It might’ve taken three films for this series to fully regain its footing following the death of its antagonist, but Saw VI emerges successful after two less-than-stellar installments. Mere days after seeing Saw IV and Saw V, I find them bleeding together with their ability to retcon themselves in a manner that would not be seen again in a mainstream series until the new Star Wars trilogy. Saw VI not only has value in context of the larger Saw-verse but social commentary that gives it something of a purpose. It’s a scathing critique of the healthcare system in America, calling it like it sees it in the wake of a massive recession.
Sure, it’s not perfect, but it’s something unique and distinguishable — two traits that ordinarily get lost by the time horror franchises find themselves at the fourth or fifth sequel.
At long last, it appears that screenwriters Patrick Melton and Marcus Dunstan (who have written every installment since Saw IV) are finally able to implement their own ideas for the series. That required substantial groundwork in the fourth film, a rather boring watch, and establishing a direction with the fifth film, an improvement that still found itself coming up short. With Saw VI, we are reminded that before he had his throat slashed by Jeff Denlon in Saw III, John Kramer (Tobin Bell) was battling brain cancer. It turns out what led to his suffering was his lackadaisical insurance company not wanting to foot the bill for an experimental treatment. John, personally, had nothing to lose trying it, but he was denied by William (Peter Outerbridge), a smarmy executive who had devised a formula that allegedly helped him quantify whether or not a patient is worth the money to save.
Naturally, William becomes one of Jigsaw’s posthumous pawns as he’s put through an elaborate series of tests that will show him how difficult it is to determine a human life worth saving when it’s right in front of your face and not hamfisted into some cockamamie equation. Meanwhile, Mark Hoffman (Costas Mandylor) does all he can to frame the now-deceased Agent Strahm for the most recent Jigsaw-esque murders, but the surviving task force, including Agent Perez (Athena Karkanis), fully recovered from her wounds, is onto his elusive ways. Also involved is John’s late wife Jill Tuck (Betsy Russell), the primary executive behind a drug rehabilitation clinic, which we see earned the scorn of John in a pivotal flashback that features one of Bell’s finest moments since the series began.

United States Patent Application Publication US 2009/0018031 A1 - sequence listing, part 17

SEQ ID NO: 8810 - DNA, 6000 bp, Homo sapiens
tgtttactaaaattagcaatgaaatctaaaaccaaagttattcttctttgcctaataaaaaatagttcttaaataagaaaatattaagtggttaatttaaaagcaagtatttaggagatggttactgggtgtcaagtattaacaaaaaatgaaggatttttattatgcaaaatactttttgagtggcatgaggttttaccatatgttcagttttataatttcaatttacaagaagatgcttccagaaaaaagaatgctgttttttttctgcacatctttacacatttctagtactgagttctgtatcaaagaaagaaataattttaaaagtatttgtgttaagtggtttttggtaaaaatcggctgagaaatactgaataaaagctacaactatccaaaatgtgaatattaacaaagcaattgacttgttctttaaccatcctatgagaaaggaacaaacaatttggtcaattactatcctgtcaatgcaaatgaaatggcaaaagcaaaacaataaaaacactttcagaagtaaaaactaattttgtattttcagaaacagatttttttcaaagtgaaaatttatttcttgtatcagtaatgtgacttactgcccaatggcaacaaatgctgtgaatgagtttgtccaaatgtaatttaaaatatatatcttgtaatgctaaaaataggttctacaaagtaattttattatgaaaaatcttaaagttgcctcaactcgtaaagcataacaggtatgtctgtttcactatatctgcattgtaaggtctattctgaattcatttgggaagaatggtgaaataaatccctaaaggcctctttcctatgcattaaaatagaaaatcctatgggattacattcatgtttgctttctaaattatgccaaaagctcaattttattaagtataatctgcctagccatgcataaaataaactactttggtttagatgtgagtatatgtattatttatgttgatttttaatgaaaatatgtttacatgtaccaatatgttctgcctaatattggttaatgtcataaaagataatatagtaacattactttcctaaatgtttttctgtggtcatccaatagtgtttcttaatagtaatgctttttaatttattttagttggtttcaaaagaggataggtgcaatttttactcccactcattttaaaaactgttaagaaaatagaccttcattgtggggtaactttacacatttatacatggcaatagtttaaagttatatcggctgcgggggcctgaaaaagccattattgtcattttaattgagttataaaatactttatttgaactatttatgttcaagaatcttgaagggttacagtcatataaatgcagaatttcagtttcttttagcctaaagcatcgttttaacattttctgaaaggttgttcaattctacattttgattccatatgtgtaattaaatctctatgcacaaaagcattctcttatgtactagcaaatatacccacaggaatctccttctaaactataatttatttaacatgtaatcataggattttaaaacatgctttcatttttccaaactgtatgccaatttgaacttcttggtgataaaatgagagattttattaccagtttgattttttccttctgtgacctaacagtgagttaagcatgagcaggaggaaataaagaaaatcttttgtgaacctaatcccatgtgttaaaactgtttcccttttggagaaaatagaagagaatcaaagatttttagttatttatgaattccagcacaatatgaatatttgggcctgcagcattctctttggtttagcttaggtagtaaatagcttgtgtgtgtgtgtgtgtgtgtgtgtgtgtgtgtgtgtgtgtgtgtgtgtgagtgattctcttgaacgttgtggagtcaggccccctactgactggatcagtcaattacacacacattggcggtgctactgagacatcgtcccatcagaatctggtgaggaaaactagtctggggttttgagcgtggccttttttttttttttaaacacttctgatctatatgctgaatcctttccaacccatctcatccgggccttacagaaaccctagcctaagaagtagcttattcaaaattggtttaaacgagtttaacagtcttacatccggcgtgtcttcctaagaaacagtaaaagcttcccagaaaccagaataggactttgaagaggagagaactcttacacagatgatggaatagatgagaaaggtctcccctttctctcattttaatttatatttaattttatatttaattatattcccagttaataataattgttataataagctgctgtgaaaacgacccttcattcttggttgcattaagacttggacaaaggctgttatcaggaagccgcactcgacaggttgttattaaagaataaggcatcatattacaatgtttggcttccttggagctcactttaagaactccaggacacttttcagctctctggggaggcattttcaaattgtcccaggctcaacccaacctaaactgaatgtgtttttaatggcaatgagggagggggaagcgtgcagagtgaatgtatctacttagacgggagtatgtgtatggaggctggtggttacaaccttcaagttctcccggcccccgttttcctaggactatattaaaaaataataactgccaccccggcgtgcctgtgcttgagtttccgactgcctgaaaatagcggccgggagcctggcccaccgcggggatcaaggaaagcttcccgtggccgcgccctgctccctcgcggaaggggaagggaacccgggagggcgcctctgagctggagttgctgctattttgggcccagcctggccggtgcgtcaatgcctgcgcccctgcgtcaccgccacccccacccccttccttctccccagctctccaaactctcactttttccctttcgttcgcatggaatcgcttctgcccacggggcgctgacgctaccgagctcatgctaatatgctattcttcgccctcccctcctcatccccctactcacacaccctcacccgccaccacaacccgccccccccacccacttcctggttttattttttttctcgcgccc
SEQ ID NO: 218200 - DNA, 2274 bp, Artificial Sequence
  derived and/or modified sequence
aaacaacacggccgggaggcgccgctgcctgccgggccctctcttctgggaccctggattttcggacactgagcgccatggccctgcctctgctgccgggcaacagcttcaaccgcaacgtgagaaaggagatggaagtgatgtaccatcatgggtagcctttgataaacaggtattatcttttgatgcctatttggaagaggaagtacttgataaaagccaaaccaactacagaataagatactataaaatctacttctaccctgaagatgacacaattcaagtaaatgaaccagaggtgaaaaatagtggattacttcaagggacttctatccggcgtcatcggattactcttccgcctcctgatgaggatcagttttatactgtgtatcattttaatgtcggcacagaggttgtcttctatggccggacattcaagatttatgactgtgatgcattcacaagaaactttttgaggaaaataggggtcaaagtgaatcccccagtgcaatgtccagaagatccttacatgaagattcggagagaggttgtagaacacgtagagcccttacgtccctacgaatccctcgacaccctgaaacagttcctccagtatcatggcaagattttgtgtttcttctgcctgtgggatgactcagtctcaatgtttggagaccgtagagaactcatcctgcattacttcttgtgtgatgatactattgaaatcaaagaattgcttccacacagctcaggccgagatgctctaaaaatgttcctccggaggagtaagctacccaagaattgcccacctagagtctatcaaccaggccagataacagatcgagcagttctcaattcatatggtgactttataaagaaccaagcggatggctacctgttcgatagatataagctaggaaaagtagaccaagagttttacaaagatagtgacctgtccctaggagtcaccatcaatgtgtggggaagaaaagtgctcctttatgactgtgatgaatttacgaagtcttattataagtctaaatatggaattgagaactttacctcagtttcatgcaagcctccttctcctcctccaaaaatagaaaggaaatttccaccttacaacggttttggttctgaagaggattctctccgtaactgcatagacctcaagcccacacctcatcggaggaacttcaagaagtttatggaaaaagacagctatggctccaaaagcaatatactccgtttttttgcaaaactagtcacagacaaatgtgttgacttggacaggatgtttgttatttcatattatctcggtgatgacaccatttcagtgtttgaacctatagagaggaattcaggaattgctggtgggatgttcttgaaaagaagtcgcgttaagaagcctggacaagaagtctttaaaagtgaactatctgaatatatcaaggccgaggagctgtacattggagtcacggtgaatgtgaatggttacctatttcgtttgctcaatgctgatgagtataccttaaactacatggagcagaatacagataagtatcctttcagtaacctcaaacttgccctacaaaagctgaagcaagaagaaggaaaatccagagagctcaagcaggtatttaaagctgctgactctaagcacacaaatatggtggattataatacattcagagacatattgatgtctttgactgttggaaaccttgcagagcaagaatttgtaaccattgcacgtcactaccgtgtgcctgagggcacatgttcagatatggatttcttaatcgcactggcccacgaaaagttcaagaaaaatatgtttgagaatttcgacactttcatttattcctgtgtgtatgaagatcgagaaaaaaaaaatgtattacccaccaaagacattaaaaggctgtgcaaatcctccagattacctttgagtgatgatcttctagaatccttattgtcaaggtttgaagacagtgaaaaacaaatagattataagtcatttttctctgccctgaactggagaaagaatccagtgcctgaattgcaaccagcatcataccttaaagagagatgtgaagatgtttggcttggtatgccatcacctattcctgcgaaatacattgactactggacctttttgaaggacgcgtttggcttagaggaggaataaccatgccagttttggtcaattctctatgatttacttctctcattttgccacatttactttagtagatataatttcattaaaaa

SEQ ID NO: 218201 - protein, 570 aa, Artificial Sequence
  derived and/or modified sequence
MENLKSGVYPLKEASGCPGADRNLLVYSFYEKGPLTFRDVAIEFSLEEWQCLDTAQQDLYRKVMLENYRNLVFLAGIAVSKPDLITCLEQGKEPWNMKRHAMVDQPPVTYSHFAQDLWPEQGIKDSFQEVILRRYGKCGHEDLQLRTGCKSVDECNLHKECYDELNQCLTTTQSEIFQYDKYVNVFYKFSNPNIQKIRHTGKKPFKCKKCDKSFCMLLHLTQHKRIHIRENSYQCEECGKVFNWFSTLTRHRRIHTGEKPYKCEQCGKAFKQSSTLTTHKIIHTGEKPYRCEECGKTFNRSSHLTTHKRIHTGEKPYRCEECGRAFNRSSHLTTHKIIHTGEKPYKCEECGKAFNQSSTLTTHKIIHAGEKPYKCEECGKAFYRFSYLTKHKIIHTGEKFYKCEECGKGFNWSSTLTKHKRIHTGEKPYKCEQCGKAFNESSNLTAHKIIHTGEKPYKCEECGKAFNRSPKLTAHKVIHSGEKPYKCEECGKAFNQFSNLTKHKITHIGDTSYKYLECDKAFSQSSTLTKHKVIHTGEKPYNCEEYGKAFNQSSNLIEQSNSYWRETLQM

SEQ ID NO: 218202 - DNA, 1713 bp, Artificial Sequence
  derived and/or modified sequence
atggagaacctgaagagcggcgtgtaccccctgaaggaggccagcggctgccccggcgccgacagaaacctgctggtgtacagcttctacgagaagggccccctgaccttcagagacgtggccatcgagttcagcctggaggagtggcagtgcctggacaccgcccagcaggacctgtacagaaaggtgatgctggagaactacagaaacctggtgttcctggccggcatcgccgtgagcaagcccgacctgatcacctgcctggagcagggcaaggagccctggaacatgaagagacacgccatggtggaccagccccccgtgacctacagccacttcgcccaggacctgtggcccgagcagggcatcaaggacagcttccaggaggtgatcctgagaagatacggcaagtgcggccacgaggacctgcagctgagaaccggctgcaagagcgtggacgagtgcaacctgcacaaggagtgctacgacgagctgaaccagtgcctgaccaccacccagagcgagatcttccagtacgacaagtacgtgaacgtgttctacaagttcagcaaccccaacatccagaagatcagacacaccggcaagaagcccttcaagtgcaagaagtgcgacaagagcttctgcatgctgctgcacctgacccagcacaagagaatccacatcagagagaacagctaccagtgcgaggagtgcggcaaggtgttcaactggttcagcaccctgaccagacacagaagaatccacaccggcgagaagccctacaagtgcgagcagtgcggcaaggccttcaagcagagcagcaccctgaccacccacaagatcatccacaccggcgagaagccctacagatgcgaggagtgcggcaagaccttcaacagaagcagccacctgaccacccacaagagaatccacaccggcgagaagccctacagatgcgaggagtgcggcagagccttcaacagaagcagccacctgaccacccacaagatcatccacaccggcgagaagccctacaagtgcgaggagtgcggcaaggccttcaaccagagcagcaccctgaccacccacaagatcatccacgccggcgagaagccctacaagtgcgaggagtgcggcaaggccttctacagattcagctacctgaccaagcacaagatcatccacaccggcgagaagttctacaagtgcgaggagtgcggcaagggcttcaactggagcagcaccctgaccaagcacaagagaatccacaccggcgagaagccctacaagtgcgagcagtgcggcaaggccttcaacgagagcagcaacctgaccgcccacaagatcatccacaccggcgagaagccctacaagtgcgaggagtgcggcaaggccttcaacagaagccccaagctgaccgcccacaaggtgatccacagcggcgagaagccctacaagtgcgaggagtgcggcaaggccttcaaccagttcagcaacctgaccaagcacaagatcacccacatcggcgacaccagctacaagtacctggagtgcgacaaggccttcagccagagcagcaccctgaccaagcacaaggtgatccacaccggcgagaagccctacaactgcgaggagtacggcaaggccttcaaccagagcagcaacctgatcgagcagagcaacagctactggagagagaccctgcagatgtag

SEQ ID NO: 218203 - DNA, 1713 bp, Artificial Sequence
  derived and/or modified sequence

Kudos to first-time director Kevin Greutert and cinematographer David A. Armstrong for restoring something of a color palette to this series. The previous two films boasted cold, clinical grays and whites that drowned out any and all visual personality of the predecessors. Saw VI plays more like a funhouse of horrors, with deep reds and multiple intuitive sets. While some traps feel more like stunts — such as one multi-level maze that involves ladders, smoke, and fire — they feel more realized in their creativity, with a lesson embedded in each. One extended sequence involves a carousel that takes turns stopping on one of six individuals before a shotgun aimed at point blank range lowers, aiming directly for their heart. It’s up to William to decide who lives and who perishes; of course not without some self-inflicted pain of his own.
We, too, are treated to more gore, less cutaways, and pleasantly frenetic editing — all features we’ve come to expect of this series yet elements that were MIA in both Saw IV and Saw V. A return to form this is and you absolutely love to see it.
Greutert, Melton, and Dunstan give us some inkling that these events live in the real world as they take aim at some of the slimiest American institutions, such as healthcare and predatory mortgage lenders. John Kramer’s monologue about the United States’ “ass-backward” healthcare system resonates and does so with the gravitas you expect from a veteran actor who, at long last, has found a role he’s made his own over time.
It feels like Saw VI restored the ingenuity that had been lacking since Saw III, what I previously upheld as the strongest of the franchise thus far. By intently focusing on two distinct storylines, it negates the narrative overload of the previous two while inviting social commentary into the mix. Sure, it could’ve happened sooner, but the journey is part of the fun, and Melton and Dunstan show that after a lot of retooling, Saw still has a leg on which to stand.
Starring: Tobin Bell, Costas Mandylor, Peter Outerbridge, Betsy Russell, Mark Rolston, and Athena Karkanis. Directed by: Kevin Greutert.
Steve Pulaski has been reviewing movies since 2009 for a barrage of different outlets. He graduated North Central College in 2018 and currently works as an on-air radio personality. He also hosts a weekly movie podcast called "Sleepless with Steve," dedicated to film and the film industry, on his YouTube channel. In addition to writing, he's a die-hard Chicago Bears fan and has two cats, appropriately named Siskel and Ebert!